Dow industrials gain 216 points as 'fear gauge' tumbles 26%; gold and bonds drop
Global stock markets rallied after a centrist candidate won the first round of France's presidential election, defusing some of the political tension that had been weighing on share prices.
The Dow Jones Industrial Average rose 216.13 points, or 1.1%, to 20763.89. The S&P 500 jumped 25.46, or 1.1%, to 2374.15, while the Nasdaq Composite added 73.30, or 1.2%, to a record 5983.82.
All three indexes notched their biggest gains since March 1. France's CAC 40 posted its largest one-day percentage jump -- 4.1% -- in nearly five years, and Germany's benchmark DAX index reached a fresh high.
Other risky assets, such as emerging-markets currencies and junk bonds, also rallied.
"The market is enjoying a risk-on trade," said Quincy Krosby, a market strategist for Prudential Financial.
Traders sold assets perceived as relatively safe, such as gold, the Japanese yen and government bonds. That reversed a trade that had been gaining momentum for much of this year as political risks in North Korea, the Middle East and France began to pile up.
The CBOE Volatility Index, or VIX, a measure of anticipated stock-market volatility sometimes called the "fear gauge," dropped 26% -- its largest one-day fall since 2011.
French independent centrist Emmanuel Macron prevailed on Sunday, winning the first round with nearly 24% of the vote. He will face off on May 7 in the election's second round against National Front leader Marine Le Pen, who has campaigned to take France out of the euro and rattled global markets. Opinion polls Sunday suggested Mr. Macron would win a head-to-head contest.
"It gives a lot of confidence to the market that we have a good feel for the outlook in France and to a large extent puts to bed the Frexit prospect," said Christopher Dyer, director of global equity at Eaton Vance, noting the outcome should increase appetite for borrowing and investment in Europe. "European banks should be prime beneficiaries of policies that are pro-growth, pro-stimulus and not protectionist in nature," he said.
Bank shares rallied around the world. Banks in the Stoxx Europe 600 rose 4.8% and the KBW Nasdaq Bank Index of large U.S. commercial lenders climbed 2.5%. J.P. Morgan Chase rose $2.98, or 3.5%, to $87.50, while Goldman Sachs added 6.36, or 2.9%, to 223.22. Combined, the two added roughly 64 points to the Dow industrials.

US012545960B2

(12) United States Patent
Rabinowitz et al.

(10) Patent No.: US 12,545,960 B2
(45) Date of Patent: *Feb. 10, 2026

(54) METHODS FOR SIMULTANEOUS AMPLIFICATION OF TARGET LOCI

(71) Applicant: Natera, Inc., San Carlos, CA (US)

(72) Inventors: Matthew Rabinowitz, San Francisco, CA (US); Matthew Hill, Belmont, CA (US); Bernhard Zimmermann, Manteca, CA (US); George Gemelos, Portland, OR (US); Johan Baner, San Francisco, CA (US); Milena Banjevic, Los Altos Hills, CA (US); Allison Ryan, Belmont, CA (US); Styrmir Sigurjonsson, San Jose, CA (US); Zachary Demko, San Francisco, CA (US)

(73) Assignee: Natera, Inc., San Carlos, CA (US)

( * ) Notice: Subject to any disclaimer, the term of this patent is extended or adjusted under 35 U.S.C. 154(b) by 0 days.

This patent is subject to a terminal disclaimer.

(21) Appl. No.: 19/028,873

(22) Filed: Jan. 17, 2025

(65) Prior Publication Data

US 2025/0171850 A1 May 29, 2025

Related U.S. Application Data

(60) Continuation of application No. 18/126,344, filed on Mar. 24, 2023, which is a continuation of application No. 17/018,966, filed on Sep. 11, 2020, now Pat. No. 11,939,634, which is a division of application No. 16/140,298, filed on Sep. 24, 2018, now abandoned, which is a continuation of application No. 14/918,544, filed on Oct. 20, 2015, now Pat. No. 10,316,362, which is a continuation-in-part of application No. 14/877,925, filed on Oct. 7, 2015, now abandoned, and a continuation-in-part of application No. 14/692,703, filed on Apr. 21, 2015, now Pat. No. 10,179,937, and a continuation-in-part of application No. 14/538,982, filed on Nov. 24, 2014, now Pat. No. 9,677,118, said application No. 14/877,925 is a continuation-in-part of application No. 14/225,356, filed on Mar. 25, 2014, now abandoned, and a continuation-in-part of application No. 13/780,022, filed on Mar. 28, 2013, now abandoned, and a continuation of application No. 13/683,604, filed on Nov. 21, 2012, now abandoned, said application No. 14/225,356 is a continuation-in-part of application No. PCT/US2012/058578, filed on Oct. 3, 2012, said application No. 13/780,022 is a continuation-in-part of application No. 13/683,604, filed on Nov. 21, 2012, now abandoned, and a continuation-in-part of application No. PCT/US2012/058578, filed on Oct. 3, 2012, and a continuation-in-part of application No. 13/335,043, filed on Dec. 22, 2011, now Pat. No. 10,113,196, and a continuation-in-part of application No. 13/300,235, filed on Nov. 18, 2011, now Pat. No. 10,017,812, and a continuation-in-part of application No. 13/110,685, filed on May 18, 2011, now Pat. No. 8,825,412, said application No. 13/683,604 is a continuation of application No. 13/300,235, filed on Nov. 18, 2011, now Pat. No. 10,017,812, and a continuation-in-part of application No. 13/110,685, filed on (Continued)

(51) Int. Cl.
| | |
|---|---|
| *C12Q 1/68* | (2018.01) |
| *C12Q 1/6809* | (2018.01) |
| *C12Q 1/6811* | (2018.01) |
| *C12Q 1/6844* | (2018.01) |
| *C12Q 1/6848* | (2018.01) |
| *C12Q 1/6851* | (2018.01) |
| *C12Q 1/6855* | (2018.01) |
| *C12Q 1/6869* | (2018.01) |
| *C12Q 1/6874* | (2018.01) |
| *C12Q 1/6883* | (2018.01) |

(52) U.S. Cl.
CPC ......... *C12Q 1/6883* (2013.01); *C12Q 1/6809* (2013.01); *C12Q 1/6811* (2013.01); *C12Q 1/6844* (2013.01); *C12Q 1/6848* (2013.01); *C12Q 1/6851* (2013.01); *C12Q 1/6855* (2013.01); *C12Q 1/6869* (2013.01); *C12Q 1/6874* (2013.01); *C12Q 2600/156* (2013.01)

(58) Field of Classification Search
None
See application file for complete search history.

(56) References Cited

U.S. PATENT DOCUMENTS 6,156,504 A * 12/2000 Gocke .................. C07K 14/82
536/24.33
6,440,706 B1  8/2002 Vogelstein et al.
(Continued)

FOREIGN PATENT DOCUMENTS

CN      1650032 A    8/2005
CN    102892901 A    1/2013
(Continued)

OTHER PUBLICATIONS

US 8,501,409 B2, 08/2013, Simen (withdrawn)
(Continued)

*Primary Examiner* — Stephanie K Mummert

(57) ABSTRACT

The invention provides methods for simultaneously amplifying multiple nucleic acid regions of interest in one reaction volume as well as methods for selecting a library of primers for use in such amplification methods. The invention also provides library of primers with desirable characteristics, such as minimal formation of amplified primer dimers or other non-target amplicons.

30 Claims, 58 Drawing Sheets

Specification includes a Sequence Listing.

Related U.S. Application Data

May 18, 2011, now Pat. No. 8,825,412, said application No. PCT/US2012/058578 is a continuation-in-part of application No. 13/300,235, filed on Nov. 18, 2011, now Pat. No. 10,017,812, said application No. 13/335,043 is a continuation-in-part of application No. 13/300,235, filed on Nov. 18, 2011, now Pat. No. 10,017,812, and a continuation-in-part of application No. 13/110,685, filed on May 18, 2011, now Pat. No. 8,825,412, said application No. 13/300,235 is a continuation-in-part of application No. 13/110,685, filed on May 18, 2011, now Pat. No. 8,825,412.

Government bonds slid in the U.S., Germany, the U.K. and Japan. The yield on the 10-year U.S. Treasury rose to 2.275%, from 2.234% Friday. Yields rise as bond prices fall.
Gold for April delivery lost 0.9% to $1,275.80 an ounce, in the largest one-day decline since early March.
The euro gained 1.3% to $1.0868, for the largest gain since last June.
There is a busy week of earnings ahead, with companies such as Caterpillar, McDonald's, Microsoft, Amazon.com and Exxon Mobil set to report quarterly results.
A strong series of reports could give the U.S. stock market the jolt it needs to break out of its recent trading range, said Philip Blancato, president and chief executive of Ladenburg Thalmann Asset Management. "For it to go substantially higher, you need a good earnings season," he said.
But investors' enthusiasm could be tempered by the looming deadline to avoid a U.S. government shutdown and other policy issues, analysts said.
President Donald Trump has ordered White House aides to speed up work on drafting a tax plan, slashing the corporate rate to 15% and prioritizing tax cuts over attempts to avoid increasing the deficit, The Wall Street Journal reported Monday.
Earlier, stocks In Asia mostly moved higher following the French election result despite a drop in Shanghai-listed stocks. Japan's Nikkei 225 index rose 1.4%, while Hong Kong's Hang Seng Index added 0.4%. The Shanghai Composite Index fell 1.4% in its worst day this year.
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(END) Dow Jones Newswires
April 25, 2017 02:48 ET (06:48 GMT)